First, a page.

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The Gateway to the West Highland Way

We are staying at a small town called Milngavie.

The history of Milngavie dates back to at least 1600, when there was a mill here in a village known at the time as Millgay – remember how I told you to pronounce it yesterday? Makes sense now, right?

Today it is a suburb of Glasgow and known as the gateway to the West Highland Way. Not to mention it is super super cute.

We found the gate where we will be starting from in the morning and met our first fellow hiker to chat about why, where, and when.

This is where we start.
Waymarker

We will be following mainly timber posts bearing the thistle-in-a- hexagon logo. Haven’t figured out what it means yet but I am sure we will.

Covid test update 2: we both received negative test results today so we are all set for the rest of the trip.

Dinner and packing tonight to prep for our first 12 mile hike tomorrow that yes-the trail leads us to the Glengoyne Distillary. Hikers on The Way are invited for a wee dram. I think we might just have to indulge to help us with the next 5.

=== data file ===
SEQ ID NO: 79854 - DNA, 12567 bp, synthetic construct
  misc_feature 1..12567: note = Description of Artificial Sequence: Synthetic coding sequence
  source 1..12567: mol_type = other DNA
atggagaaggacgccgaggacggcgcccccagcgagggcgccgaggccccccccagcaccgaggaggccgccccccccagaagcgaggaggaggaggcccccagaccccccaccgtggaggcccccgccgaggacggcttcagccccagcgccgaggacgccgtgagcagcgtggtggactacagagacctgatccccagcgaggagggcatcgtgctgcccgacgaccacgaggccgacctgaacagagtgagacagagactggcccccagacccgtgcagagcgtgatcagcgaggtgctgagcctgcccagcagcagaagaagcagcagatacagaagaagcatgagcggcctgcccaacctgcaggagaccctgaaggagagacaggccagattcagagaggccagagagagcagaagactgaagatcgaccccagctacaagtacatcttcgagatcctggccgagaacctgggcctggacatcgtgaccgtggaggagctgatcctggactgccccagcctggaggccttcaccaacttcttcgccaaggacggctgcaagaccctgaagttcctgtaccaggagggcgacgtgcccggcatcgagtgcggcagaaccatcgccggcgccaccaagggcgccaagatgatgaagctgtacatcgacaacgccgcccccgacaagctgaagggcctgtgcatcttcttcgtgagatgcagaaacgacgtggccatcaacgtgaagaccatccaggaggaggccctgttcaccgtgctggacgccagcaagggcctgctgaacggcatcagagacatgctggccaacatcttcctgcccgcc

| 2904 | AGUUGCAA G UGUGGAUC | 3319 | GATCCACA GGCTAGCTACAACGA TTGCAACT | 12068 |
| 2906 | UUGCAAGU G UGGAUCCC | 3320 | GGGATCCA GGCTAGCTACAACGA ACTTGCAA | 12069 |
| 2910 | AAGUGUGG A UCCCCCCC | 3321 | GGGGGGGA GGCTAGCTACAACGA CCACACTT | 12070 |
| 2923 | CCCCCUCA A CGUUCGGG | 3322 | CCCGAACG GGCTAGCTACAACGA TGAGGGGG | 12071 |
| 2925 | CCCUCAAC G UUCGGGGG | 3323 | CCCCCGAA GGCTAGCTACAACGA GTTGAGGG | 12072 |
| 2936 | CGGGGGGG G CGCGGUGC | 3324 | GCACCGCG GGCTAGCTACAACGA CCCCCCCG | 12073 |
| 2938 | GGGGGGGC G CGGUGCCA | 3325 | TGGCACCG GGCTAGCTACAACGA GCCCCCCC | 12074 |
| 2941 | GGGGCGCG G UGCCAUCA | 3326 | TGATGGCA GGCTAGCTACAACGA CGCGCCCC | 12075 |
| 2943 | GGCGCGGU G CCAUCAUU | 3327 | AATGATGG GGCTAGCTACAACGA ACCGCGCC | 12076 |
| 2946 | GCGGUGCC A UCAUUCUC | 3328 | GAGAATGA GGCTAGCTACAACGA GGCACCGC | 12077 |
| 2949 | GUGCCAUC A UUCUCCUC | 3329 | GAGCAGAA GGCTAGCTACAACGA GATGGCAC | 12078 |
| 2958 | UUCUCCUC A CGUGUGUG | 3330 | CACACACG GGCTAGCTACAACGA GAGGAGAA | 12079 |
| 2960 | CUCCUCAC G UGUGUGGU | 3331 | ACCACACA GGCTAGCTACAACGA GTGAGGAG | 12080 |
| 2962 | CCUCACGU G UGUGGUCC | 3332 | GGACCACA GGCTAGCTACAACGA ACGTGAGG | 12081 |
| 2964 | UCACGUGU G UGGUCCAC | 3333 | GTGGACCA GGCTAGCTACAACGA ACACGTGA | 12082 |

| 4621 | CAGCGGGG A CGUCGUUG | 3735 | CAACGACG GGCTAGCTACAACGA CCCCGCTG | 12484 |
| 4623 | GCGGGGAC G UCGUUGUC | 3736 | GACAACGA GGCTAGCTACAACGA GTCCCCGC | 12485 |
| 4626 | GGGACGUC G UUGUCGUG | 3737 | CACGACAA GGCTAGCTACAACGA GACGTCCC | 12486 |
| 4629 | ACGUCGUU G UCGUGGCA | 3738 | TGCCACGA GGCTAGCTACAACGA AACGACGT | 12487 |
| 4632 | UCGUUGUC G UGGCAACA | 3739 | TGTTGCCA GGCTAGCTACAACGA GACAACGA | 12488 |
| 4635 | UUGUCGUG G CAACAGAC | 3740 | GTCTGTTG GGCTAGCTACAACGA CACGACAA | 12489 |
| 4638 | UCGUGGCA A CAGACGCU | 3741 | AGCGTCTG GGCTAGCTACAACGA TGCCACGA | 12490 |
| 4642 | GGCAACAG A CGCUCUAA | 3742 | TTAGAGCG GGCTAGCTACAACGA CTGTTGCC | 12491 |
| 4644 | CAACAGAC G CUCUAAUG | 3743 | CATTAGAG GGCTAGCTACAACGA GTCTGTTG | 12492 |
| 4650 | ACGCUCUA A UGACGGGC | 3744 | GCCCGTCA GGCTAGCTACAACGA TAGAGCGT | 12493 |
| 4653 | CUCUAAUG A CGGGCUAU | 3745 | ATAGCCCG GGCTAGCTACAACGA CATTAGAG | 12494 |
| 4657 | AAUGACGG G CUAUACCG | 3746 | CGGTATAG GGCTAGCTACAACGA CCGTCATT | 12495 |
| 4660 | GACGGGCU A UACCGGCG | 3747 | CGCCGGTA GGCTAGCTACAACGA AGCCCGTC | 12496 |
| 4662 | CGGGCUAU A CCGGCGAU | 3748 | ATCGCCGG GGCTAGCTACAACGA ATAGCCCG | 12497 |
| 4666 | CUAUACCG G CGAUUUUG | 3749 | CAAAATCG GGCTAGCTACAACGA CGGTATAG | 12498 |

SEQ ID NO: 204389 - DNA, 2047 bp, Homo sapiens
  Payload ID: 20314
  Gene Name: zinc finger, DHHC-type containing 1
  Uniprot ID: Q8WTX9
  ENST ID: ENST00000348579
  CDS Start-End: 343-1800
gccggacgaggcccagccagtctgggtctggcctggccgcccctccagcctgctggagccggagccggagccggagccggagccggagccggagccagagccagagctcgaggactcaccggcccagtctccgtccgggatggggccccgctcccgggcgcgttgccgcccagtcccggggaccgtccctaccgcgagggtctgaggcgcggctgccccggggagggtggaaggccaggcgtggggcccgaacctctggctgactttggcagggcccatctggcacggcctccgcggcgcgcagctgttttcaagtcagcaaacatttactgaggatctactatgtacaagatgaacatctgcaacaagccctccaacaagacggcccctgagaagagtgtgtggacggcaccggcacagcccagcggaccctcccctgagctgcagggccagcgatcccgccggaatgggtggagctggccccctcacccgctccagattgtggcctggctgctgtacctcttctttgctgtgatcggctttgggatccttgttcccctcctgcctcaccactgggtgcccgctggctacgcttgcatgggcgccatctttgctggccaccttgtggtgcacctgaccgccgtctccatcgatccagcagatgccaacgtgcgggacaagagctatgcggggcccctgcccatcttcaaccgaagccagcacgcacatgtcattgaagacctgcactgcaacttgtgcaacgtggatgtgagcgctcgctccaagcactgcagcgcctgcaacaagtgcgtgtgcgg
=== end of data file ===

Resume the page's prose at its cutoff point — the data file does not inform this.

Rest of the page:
We are heading to Drymen- weather? Who knows? They say just wait and see and it will happen when it happens. Talk to you then.

2 thoughts on “The Gateway to the West Highland Way

  1. Meanings and Symbolism of the Thistle Flower
    Commonly known as the Scottish thistle and the national symbol of Scotland, there is more than meets the eye when it comes to the thistle flower. Many legends surround it and the flower has several interpretations as well.

    The thistle is often connected to negative symbolism:
    The thistle is often used as a metaphor for inconvenience or trouble. A Spanish proverb goes: He that has a good harvest must be content with some thistles.
    It symbolizes toughness, pain and aggression.
    To be prickly as a thistle can mean to get angry quickly especially about criticism.
    In Victorian times, the thistle was known as the flower of intrusion or used as a warning against unwanted meddling.

    However, the thistle is also connected to positive symbolism:
    The thistle represents overcoming adversity and difficult situations. It’s a symbol of resilience.
    In Celtic regions, the thistle represents devotion, bravery, determination, and strength.
    The thistle was one of the respected emblems of Lorraine, a region in northeastern France.
    In the Basque region of France, the thistle is considered a symbol of protection. It is also called the “flower of the sun“ and the “herb of witches”. It’s used as protection against evildoers because people believe that witches cannot look directly at the sun. The thistle is often seen on the front doors of the homes of this region.
    The flower’s pink and purple colors represent nobility and royalty.
    🙂

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